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TCM Serves Up Tasty '31 Days of Oscar' Appetizer
February 1, 2014  | By Ed Bark

Turner Classic Movies continues to perform quite a service for humanity with its annual "31 Days of Oscar," now in its 19th year.

The network gets extra credit this time for setting the table with And the Oscar Goes To . . ., a first-rate documentary film premiering on Saturday, Feb. 1 (8 p.m. ET), sandwiched between airings of two 1939 Best Picture nominees: The Wizard of Oz and that year's Oscar winner, Gone with the Wind.

Directed and produced by Rob Epstein and Jeffrey Friedman (The Celluloid Closet), it’s an 85-year travelogue narrated by Anjelica Huston and spiced with a wealth of new interviews and insights. The archival clip selection is terrific, too, starting with an eye-catching red carpet blip of Jon Voight alongside his daughter, Angelina Jolie, who’s wearing braces. He calls her “Ang.”

Voight also contributes a fresh interview, joining the likes of Jane Fonda, George Clooney, Tom Hanks, Whoopi Goldberg, Billy Crystal, Annette Bening, Helen Mirren, Steven Spielberg, Benicio Del Toro, Jennifer Hudson, Ellen Burstyn, Jason Reitman, Liza Minnelli, Cher and others.

The filmmakers do a terrific job of melding movie clips to comments. For instance, Clooney talks of idolizing Spencer Tracy during his formative years -- and how the two-time Oscar-winner oftentimes would locate his “mark” by literally looking down while being filmed. We see this happen in one of his scenes from Guess Who’s Coming to Dinner. But filmgoers were never the wiser because Tracy had such a commanding presence, Clooney says.

Segments from a cavalcade of Oscar ceremonies are well-chosen without including some of the usual suspects. So don’t expect to see Sally Field’s famed acceptance speech, David Niven’s ad lib about a streaker who ran behind him, Jack Palance’s one-armed pushups, etc. Those are all pretty over-exposed anyway. And besides, it’s just as much fun seeing host Bob Hope say, “The whole thing is like a big maternity ward. Everybody’s expecting.” Or watching one of Hope’s many successors, Johnny Carson, open the show by noting, “I see a lot of new faces -- especially on the old faces.”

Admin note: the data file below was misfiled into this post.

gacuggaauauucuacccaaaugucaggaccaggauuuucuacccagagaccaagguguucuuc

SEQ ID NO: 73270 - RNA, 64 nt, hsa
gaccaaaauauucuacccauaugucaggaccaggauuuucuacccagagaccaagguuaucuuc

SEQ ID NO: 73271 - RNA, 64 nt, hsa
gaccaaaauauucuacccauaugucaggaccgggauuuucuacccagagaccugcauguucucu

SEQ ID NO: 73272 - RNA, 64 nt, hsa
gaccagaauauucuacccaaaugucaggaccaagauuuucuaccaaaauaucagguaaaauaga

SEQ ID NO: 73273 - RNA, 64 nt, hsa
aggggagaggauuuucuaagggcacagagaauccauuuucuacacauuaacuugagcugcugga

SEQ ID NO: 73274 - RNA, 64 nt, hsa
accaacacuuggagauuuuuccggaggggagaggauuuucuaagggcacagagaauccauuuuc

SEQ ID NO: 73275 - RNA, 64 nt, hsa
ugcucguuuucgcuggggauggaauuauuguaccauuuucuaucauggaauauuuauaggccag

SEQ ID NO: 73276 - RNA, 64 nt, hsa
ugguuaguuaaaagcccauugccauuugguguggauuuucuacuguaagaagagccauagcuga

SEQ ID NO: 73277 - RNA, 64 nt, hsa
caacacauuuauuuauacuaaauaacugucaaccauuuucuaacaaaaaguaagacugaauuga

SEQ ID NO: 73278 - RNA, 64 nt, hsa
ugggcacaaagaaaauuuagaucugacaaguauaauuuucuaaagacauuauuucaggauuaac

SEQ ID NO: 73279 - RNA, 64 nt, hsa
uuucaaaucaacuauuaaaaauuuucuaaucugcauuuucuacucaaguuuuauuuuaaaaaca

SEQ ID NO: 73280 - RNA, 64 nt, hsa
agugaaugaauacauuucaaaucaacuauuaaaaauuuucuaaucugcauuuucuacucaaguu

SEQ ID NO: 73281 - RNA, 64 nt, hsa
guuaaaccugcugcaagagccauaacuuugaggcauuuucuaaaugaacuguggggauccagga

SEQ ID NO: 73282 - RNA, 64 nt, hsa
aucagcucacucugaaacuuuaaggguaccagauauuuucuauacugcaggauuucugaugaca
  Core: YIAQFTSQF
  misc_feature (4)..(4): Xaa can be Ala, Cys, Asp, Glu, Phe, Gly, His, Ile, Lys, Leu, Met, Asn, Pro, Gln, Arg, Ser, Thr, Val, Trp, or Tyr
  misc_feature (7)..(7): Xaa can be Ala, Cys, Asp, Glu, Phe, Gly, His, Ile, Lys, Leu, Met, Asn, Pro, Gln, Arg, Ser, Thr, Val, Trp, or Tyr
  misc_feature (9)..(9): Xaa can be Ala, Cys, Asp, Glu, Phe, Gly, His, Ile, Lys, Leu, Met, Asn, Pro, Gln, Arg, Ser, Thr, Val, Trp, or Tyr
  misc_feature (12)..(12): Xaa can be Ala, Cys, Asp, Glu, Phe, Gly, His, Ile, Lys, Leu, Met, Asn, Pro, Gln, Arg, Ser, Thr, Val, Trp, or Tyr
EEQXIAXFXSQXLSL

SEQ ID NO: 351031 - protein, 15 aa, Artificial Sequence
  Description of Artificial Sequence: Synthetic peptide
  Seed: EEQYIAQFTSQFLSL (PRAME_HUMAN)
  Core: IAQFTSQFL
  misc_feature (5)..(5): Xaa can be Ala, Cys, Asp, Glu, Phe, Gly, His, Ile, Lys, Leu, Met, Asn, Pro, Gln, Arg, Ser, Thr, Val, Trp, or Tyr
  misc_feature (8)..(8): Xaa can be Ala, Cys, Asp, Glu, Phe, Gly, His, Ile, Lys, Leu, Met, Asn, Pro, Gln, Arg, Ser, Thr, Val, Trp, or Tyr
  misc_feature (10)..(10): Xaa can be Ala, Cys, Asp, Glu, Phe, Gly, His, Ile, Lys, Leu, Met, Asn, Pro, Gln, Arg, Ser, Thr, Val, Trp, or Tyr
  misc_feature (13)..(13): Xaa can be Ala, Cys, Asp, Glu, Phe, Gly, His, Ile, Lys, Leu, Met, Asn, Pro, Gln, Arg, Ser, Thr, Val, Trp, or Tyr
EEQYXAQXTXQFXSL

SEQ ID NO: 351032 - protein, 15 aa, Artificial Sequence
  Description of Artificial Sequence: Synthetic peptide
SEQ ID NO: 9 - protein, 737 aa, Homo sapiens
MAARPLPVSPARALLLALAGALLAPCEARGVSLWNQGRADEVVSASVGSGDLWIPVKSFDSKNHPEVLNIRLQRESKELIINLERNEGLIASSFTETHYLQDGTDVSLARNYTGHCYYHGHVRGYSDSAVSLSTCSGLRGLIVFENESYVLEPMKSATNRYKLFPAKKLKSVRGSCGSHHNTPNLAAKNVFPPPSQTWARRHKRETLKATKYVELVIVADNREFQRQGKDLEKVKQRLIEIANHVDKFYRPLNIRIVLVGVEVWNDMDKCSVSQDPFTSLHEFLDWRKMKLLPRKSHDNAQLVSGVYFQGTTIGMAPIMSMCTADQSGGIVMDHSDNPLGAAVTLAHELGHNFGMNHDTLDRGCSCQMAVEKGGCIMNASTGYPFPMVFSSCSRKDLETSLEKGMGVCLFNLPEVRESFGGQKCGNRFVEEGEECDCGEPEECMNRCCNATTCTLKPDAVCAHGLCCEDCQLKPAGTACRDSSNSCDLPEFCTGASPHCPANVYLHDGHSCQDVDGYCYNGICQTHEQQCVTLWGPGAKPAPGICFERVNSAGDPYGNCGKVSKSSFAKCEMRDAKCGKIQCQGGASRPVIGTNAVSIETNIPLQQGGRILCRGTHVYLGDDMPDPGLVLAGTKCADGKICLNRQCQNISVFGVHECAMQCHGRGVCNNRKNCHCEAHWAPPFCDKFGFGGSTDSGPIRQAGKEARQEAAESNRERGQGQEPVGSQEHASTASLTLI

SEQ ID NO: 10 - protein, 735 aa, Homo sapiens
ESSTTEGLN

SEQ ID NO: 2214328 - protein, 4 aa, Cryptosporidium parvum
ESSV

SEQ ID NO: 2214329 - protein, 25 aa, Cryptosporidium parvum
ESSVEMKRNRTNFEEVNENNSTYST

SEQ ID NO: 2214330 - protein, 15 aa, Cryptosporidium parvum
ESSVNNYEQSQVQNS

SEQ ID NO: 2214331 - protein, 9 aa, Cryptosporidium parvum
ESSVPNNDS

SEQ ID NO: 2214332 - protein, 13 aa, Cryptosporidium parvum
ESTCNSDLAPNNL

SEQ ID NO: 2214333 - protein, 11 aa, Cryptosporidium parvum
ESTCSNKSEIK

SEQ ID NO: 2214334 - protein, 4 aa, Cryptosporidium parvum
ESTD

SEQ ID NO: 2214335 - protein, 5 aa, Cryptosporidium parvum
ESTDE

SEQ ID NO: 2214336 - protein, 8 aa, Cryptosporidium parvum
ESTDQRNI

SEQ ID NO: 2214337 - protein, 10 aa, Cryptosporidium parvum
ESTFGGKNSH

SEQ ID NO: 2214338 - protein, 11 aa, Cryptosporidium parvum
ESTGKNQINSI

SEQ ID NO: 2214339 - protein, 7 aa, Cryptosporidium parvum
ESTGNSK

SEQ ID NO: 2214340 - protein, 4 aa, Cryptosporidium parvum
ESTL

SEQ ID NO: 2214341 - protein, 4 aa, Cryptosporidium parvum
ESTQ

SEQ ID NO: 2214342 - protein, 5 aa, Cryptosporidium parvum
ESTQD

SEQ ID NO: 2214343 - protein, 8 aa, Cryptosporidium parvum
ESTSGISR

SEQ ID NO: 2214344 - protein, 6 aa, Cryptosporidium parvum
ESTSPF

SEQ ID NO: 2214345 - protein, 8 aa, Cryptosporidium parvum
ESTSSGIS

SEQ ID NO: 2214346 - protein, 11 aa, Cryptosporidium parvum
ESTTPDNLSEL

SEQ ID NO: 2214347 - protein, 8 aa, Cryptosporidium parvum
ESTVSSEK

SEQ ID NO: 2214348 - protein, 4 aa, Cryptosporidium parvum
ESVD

There are many old faces to be savored anew. Hattie McDaniel, the first African-American to win an Oscar (for her supporting role in Gone With the Wind), ended her acceptance speech by saying, “My heart is too full to tell you just how I feel.” She then exited in tears.

Viewers also can see a black-and-white Marlon Brando bounding onstage to accept his Oscar for 1955’s On the Waterfront. Eighteen years later, he sent the sequined Sacheen Littlefeather in his stead to protest the treatment of American Indians. She received a frosty reception. But as viewers can see, it was nothing compared to the boos that rained down on director Michael Moore. After winning for Bowling for Columbine, he ended his 2003 acceptance speech by pointedly denouncing President George W. Bush’s instigation of the war in Iraq.

Although produced in association with the Academy of Motion PIcture Arts and Sciences (which bestows the Oscars), the film doesn’t shy from that body’s timidity in the face of the “Hollywood Blacklist” spearheaded by Sen. Joseph McCarthy’s Communist witch hunt of the 1950s.

One of those officially shunned by the Academy, playwright/screenwriter Lillian Hellman, was invited back to present the best documentary film statue at the 1977 ceremony. And the Oscar Goes To . . . includes her telling the audience that Hollywood’s power brokers “confronted the wild charges of Joe McCarthy with the force and courage of a bowl of mashed potatoes.”

This film is much more than that. From the boyish exuberance of Ben Affleck’s and Matt Damon’s joint 1998 acceptance speech to Hanks’ anecdote about a hard-of-hearing Bette Davis, this is a rich-bodied appetizer for TCM’s "31 Days of Oscar" main course.

GRADE: A-minus
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